Van Camp tells how she works with Carthage farmer Ben Priest of Priest Family Farm. “They have the most beautiful purple-tipped asparagus,” says Van Camp. “Early on they made it clear they were interested in working with us and asked me specifically what I wanted them to grow. When I shared that I’d recently enjoyed these fabulous shishito peppers, they researched them and grew a crop especially for us.” In-the-know visitors look for “Pappy Priest’s Asparagus Pickles” for a special take-home treat from the Sandhills Farmers Market. Purple-tipped, perfect, precious, peppy, and pickled, one jar is likely not enough.
It’s exciting to explore a culinary eco-system that fosters creativity not only inside individual restaurants, but throughout an entire community. In Moore County, Ashten’s is a leader and area catalyst for innovation. One example is found with a former busboy at the restaurant, Isaac Kundinger. He saw a market for microgreens like those used at the restaurant and, at age 26, founded the Conscious Cultivators, a “vertical indoor grower” of microgreens.
Started in 2017 in his parents’ garage, Conscious Cultivators has seen its fortunes sprout alongside the increased demand for tasty garnishes and salad staples such as sunflower sprouts, opal basil, red veined sorrel, mustard, and micro celery greens. While Kundinger comes from a line of traditional farmers like his father and grandfather, he’s the first in his family to “go small” and tend his crops indoors under grow lights.
Ostrich ranchers, Ryan and Gaby Olufs of Misty Morning Ranch, have also experienced the influence and mentorship of Van Camp, her team of chefs and other area culinary influencers such as Warren Henry Lewis, owner and chef of his eponymously named restaurant Chef Warren’s.
“We feel like we’re part of a tight-knit family in the community here,” says Ryan Olufs, who launched the 60-acre ranch in Robbins in 2016. Olufs supplies restaurants such as Ashten’s, Chef Warren’s, and the Sly Fox Pub with antibiotic-free ostrich meat and jumbo-sized eggs, which are highly prized by pastry chefs for their rich yolks. “The volume of one ostrich egg is the same as about two-dozen hen’s eggs,” Oluf said. “Crème brûlée is made extra easy as the chefs don’t have to separate so many eggs for their recipes.”
Produce That’s Personal
“Connecting the soil under your feet to the food on your table is what this region is all about,” says Olufs. “We were excited to see this in action last spring when we worked with Moore County Cooperative Extension service and Pinehurst/Southern Pines/Aberdeen Area Convention and Visitors Bureau in hosting a special dinner here.” As part of a broader project of gathering information for the Visit NC Farms mobile ap, https://visitncfarmstoday.com/, the dinner, coordinated and catered by Ashten’s, featured dozens of area growers, producers, area wine, beer and cider, and saw guests dining directly with farmers to gain first-hand exposure to the wonderful area sources.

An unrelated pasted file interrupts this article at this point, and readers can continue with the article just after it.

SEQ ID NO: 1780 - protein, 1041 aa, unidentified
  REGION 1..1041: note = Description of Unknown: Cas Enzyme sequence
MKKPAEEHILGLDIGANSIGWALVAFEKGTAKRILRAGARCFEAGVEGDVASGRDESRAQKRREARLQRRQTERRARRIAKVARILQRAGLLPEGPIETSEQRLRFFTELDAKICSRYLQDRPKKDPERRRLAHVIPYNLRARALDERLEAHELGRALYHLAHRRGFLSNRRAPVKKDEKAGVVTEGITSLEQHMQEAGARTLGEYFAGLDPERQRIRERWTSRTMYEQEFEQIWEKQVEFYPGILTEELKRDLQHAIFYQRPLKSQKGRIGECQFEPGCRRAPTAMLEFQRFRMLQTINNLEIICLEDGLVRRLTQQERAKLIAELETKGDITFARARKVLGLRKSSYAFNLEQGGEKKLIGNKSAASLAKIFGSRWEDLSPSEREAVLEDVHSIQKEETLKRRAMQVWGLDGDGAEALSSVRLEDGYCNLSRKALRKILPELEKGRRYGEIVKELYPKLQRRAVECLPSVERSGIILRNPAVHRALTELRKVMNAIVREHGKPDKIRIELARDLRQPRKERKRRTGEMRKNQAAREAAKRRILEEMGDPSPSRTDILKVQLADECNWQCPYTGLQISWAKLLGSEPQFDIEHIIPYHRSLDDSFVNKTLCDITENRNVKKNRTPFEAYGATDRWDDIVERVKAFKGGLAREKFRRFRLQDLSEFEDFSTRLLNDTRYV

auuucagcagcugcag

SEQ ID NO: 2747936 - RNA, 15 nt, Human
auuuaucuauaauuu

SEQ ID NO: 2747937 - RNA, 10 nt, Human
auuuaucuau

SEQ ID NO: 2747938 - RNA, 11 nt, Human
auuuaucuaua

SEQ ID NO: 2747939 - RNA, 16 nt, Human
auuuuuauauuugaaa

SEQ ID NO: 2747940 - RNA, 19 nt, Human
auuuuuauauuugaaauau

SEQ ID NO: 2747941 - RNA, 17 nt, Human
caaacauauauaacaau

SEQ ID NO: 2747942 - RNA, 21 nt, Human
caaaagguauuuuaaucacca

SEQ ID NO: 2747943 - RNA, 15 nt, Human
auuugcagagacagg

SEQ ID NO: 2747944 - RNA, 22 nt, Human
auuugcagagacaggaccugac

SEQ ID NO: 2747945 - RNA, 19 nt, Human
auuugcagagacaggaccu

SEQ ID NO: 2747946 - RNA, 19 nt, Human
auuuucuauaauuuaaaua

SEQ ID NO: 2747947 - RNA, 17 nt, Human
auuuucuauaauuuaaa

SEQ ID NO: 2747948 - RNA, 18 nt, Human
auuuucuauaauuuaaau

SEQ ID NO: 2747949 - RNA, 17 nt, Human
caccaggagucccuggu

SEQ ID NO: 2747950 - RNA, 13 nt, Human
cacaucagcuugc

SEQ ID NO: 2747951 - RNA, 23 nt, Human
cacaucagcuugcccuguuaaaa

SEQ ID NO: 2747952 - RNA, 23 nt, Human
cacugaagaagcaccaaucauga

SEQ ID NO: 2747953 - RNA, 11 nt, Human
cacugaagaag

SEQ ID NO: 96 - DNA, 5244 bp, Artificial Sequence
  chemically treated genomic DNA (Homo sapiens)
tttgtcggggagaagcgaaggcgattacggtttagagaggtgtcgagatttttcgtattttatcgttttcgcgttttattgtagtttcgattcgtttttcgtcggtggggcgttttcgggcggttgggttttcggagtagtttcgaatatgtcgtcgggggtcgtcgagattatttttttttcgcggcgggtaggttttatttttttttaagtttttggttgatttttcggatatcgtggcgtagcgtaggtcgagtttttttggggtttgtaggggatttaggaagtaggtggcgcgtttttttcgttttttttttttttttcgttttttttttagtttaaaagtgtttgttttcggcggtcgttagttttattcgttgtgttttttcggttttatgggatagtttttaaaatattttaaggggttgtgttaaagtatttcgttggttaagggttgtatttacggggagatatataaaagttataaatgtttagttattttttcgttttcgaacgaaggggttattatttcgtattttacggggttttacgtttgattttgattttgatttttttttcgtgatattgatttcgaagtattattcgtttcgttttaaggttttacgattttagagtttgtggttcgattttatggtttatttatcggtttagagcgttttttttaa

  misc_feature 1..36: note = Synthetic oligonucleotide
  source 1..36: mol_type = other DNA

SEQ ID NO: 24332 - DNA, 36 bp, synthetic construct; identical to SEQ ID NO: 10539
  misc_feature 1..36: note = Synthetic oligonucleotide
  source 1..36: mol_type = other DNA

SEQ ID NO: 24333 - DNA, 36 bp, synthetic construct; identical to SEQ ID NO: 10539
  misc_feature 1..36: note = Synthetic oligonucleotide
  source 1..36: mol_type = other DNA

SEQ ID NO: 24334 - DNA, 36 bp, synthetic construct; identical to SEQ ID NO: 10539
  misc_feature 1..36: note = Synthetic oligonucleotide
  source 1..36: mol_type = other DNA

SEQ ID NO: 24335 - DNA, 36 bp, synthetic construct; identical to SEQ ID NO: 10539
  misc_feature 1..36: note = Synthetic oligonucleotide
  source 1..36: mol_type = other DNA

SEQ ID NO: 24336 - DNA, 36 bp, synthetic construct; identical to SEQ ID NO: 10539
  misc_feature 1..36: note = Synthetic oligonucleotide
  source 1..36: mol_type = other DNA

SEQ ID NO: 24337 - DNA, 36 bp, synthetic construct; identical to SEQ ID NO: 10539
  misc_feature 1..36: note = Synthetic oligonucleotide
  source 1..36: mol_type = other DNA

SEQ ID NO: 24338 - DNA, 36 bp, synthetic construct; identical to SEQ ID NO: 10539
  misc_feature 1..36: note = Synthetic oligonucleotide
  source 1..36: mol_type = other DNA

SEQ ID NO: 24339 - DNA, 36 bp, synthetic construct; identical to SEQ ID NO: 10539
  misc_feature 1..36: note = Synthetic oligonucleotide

For fifth-generation farmer Cliff Pilson of C.V. Pilson Farm, producing top-quality produce is personal. “That’s my name on the box,” says Pilson, whose sweet potatoes are featured on plates and in markets throughout the region. In addition to its nutrient-dense tubers, the farm is well-known for in-season strawberries, zucchini, squash, tomatoes, and the North Carolina grapes for which this region is famous: Scuppernong and Muscadine. No visit to Moore County is complete without sampling wine made from these varietals.
‘Que and brew are on tap at Pinehurst Brewing Co. (part of the Pinehurst Resort) as the smokers go all-day long turning out tender brisket, chicken, ribs, and pork shoulder alongside some smokin’ sides. Lovingly crafted micro-batch lagers, stouts, and ales flow here in rotation and every pint is a signature brew.
Local seafood is not to be shortchanged when visiting the region and there’s no more authentic Carolina seafood-shack than Aberdeen’s fabled House of Fish. Chef/owner Danny Hayes has been reeling in locals and visitors with stellar Southern favorites like fried flounder and catfish, shrimp & grits, oysters, spots, croakers, bass, and “whatever’s swimming” in nearby waters. This casual, nautically-themed, go-to roadhouse has been packing folks in since 2014.
“Quality trumps everything when it comes to flavor and creating special dining experiences,” says Chef Warren Henry Lewis, whose classic French Bistro fare has made Chef Warren’s an area favorite for 22 years. “If it’s beautiful and fresh, we honor that and let it shine.”